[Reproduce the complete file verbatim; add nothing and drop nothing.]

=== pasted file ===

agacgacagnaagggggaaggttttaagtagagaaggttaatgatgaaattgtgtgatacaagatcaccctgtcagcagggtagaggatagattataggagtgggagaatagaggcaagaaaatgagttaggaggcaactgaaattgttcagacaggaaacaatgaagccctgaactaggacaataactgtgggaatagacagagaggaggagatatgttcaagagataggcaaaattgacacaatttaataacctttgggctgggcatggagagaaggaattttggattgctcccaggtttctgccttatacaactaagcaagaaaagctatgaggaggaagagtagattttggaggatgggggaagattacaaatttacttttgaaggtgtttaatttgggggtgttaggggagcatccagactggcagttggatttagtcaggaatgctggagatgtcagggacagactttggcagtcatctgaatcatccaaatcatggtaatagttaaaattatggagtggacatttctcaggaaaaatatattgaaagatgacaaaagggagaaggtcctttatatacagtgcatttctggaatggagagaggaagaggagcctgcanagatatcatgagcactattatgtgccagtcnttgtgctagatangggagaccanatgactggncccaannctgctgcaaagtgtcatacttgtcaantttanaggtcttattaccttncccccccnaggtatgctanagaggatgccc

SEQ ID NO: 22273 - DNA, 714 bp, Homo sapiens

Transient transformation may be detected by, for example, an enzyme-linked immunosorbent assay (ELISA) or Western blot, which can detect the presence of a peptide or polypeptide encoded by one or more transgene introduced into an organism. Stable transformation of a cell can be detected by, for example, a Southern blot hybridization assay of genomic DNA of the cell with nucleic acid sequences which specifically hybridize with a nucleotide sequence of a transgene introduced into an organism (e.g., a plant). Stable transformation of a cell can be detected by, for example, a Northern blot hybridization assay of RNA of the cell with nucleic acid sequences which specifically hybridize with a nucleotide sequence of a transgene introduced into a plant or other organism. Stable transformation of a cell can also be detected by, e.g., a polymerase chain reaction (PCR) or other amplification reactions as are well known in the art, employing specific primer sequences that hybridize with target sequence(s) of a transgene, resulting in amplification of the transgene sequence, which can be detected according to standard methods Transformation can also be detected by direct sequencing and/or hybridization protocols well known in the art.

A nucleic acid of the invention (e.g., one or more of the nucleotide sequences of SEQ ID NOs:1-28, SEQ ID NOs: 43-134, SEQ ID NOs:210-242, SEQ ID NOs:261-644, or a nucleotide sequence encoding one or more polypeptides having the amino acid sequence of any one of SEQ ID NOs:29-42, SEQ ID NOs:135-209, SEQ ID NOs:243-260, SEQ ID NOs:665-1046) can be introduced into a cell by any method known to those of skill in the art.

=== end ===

agacgacagnaagggggaaggttttaagtagagaaggttaatgatgaaattgtgtgatacaagatcaccctgtcagcagggtagaggatagattataggagtgggagaatagaggcaagaaaatgagttaggaggcaactgaaattgttcagacaggaaacaatgaagccctgaactaggacaataactgtgggaatagacagagaggaggagatatgttcaagagataggcaaaattgacacaatttaataacctttgggctgggcatggagagaaggaattttggattgctcccaggtttctgccttatacaactaagcaagaaaagctatgaggaggaagagtagattttggaggatgggggaagattacaaatttacttttgaaggtgtttaatttgggggtgttaggggagcatccagactggcagttggatttagtcaggaatgctggagatgtcagggacagactttggcagtcatctgaatcatccaaatcatggtaatagttaaaattatggagtggacatttctcaggaaaaatatattgaaagatgacaaaagggagaaggtcctttatatacagtgcatttctggaatggagagaggaagaggagcctgcanagatatcatgagcactattatgtgccagtcnttgtgctagatangggagaccanatgactggncccaannctgctgcaaagtgtcatacttgtcaantttanaggtcttattaccttncccccccnaggtatgctanagaggatgccc

SEQ ID NO: 22273 - DNA, 714 bp, Homo sapiens

Transient transformation may be detected by, for example, an enzyme-linked immunosorbent assay (ELISA) or Western blot, which can detect the presence of a peptide or polypeptide encoded by one or more transgene introduced into an organism. Stable transformation of a cell can be detected by, for example, a Southern blot hybridization assay of genomic DNA of the cell with nucleic acid sequences which specifically hybridize with a nucleotide sequence of a transgene introduced into an organism (e.g., a plant). Stable transformation of a cell can be detected by, for example, a Northern blot hybridization assay of RNA of the cell with nucleic acid sequences which specifically hybridize with a nucleotide sequence of a transgene introduced into a plant or other organism. Stable transformation of a cell can also be detected by, e.g., a polymerase chain reaction (PCR) or other amplification reactions as are well known in the art, employing specific primer sequences that hybridize with target sequence(s) of a transgene, resulting in amplification of the transgene sequence, which can be detected according to standard methods Transformation can also be detected by direct sequencing and/or hybridization protocols well known in the art.

A nucleic acid of the invention (e.g., one or more of the nucleotide sequences of SEQ ID NOs:1-28, SEQ ID NOs: 43-134, SEQ ID NOs:210-242, SEQ ID NOs:261-644, or a nucleotide sequence encoding one or more polypeptides having the amino acid sequence of any one of SEQ ID NOs:29-42, SEQ ID NOs:135-209, SEQ ID NOs:243-260, SEQ ID NOs:665-1046) can be introduced into a cell by any method known to those of skill in the art.